Pumpkin seeds and pumpkin puree.

Thursday, October 15, 2009

Meet our $1 pumpkin from the pumpkin patch.
It isn't the prettiest pumpkin you've ever seen, but it will be so useful for what's inside.
And if you've never tried pumpkin seeds or fresh pumpkin puree, I'm begging you, please do!
Nothing tastes so much like Fall.
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First, the pumpkin seeds.
Cut the top off of the pumpkin to reveal the pumpkin guts.
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Next, my very favorite step, rip out the pumpkin guts.
Show no mercy.
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Now place the seeds, some still attached to the stringy pumpkin, in a colander.
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Under running water, separate the pumpkin seeds from the pumpkin so you only have the seeds left.
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Now pour the wet, slimy seeds onto a clean kitchen towel.
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Use the towel to dry the seeds off as much as possible.
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Pour the seeds into a bowl and add about 2 tablespoons of oil.
I used peanut oil and I love the nutty flavor it imparts, but you can use canola or vegetable oil as well. This is to make sure the seeds are roasted well in the oven.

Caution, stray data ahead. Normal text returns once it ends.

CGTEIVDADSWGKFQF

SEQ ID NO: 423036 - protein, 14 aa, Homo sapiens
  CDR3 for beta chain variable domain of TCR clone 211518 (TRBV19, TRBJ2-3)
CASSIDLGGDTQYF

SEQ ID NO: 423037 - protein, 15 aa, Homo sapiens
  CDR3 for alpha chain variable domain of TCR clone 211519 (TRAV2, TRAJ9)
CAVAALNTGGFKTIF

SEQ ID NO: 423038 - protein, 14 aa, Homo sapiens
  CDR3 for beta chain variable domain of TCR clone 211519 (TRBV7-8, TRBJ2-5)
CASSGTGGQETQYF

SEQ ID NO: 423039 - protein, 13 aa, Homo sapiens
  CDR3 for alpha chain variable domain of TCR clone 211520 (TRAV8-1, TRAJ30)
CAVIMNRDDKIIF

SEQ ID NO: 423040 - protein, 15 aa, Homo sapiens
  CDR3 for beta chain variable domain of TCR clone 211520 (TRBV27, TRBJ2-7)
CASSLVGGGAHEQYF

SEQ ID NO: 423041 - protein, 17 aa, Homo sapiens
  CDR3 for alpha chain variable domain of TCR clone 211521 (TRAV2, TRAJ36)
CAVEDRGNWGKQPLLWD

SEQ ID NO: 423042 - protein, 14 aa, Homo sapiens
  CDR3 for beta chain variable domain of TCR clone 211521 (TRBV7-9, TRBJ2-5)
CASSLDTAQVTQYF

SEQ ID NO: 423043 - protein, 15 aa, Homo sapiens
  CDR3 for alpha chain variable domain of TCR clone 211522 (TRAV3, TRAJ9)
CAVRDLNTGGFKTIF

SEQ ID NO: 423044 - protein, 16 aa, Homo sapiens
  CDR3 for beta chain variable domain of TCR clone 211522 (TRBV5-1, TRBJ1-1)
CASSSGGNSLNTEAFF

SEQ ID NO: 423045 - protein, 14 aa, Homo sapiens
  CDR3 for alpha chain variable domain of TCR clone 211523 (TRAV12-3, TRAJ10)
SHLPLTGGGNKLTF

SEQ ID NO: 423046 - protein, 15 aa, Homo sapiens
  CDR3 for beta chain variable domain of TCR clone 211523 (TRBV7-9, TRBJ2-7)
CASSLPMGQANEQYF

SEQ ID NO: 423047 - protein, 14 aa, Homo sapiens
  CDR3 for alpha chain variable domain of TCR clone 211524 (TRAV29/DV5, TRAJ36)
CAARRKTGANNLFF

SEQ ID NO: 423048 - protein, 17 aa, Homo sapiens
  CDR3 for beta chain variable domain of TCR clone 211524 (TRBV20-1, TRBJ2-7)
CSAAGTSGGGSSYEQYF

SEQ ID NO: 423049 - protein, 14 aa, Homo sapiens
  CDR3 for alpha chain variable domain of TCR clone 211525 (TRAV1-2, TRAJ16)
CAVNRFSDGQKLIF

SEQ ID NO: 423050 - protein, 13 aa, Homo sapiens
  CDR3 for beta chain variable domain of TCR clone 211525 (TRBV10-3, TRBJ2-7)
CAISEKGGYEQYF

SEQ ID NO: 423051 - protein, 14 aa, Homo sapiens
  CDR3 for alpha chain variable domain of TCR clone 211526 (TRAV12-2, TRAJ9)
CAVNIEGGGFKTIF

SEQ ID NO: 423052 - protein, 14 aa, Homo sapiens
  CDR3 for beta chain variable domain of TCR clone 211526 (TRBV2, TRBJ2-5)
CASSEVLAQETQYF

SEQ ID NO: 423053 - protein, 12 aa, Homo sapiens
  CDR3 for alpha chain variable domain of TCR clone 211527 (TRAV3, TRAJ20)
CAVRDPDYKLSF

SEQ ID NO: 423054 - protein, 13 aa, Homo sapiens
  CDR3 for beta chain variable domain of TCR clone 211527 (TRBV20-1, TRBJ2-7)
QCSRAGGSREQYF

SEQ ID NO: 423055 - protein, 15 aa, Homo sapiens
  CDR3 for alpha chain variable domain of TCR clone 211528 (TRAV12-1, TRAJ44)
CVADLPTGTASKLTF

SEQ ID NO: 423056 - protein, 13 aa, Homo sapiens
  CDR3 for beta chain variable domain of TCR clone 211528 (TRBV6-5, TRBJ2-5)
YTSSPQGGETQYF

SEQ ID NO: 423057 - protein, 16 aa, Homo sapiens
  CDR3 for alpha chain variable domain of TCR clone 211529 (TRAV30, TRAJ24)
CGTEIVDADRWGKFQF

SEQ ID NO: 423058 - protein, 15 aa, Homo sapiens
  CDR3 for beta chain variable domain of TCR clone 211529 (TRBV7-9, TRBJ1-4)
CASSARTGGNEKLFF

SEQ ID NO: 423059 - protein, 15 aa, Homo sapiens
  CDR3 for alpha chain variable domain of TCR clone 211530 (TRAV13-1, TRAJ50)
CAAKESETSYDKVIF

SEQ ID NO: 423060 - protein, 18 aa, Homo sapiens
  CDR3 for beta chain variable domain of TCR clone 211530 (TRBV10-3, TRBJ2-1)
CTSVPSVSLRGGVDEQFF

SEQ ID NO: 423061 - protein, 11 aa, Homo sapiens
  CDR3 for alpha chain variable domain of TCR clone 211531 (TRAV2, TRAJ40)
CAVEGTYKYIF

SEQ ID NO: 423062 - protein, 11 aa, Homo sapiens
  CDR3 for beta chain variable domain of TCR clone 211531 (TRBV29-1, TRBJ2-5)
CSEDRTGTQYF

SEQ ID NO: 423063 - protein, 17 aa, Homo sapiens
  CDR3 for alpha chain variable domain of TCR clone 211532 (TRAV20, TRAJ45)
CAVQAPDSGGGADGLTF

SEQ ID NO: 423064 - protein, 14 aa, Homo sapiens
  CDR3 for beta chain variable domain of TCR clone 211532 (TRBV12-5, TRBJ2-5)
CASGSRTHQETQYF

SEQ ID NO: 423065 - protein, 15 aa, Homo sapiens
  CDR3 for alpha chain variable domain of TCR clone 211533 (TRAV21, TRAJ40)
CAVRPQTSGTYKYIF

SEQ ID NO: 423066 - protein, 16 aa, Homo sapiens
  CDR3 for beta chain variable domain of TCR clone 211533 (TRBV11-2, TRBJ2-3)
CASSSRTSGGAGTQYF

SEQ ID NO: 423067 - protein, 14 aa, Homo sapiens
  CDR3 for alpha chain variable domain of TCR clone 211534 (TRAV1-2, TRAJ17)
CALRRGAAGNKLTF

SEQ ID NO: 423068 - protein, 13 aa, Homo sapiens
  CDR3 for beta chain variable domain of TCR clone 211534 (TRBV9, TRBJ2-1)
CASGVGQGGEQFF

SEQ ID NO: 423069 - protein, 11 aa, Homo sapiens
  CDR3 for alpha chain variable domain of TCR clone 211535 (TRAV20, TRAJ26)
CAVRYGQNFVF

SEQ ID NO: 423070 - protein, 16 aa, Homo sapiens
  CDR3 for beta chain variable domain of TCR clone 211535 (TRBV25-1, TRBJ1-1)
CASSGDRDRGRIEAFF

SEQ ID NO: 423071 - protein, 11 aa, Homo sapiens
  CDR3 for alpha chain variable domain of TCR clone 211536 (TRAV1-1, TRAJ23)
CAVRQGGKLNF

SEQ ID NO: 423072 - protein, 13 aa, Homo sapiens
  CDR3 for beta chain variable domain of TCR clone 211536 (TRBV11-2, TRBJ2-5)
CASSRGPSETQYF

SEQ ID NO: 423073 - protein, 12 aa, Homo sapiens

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Stir in the oil and add salt to taste. I probably added around a teaspoon.
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Spread the oily, salty raw seeds onto a baking sheet.
Put into the oven at 400°F for about 12 minutes, keeping a close eye on them so they don't burn.
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You want them just toasted like so.
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Pour the seeds into a pretty little bowl and try not to eat them in one sitting. They really are that good.
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Now for the rest of the pumpkin.
Preheat your oven to 350°F.
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Cut the pumpkin in half lengthwise.
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And pull it apart so you have two halves.
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Using a large metal spoon, scrape out the stringy pumpkin pulp.
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Place the pumpkin halves down on a baking sheet and pour 1 cup of water in the pan.
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Place in the oven for 90 minutes.
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Watch them sweat it out.
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This is how my pumpkin came out of the oven. Doesn't look very appetizing, but it's done its job.
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If yours comes out like mine, you can simply peel the leathery pumpkin skin off to reveal the pumpkin meat which will be turned into puree. If yours isn't quite so easy, you can just flip the pumpkin over and scrape out the meat with a spoon. It should come out very, very easily either way.
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Place the pumpkin meat in a food processor.
I haven't tried it, but I'm sure you could use a food grinder or even a potato masher for this part.
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And voila! Pumpkin puree! It should be about the consistency of applesauce when you're finished. You can use it in quickbreads, muffins, pumpkin pancakes, pumpkin soup... the possibilities are endless!
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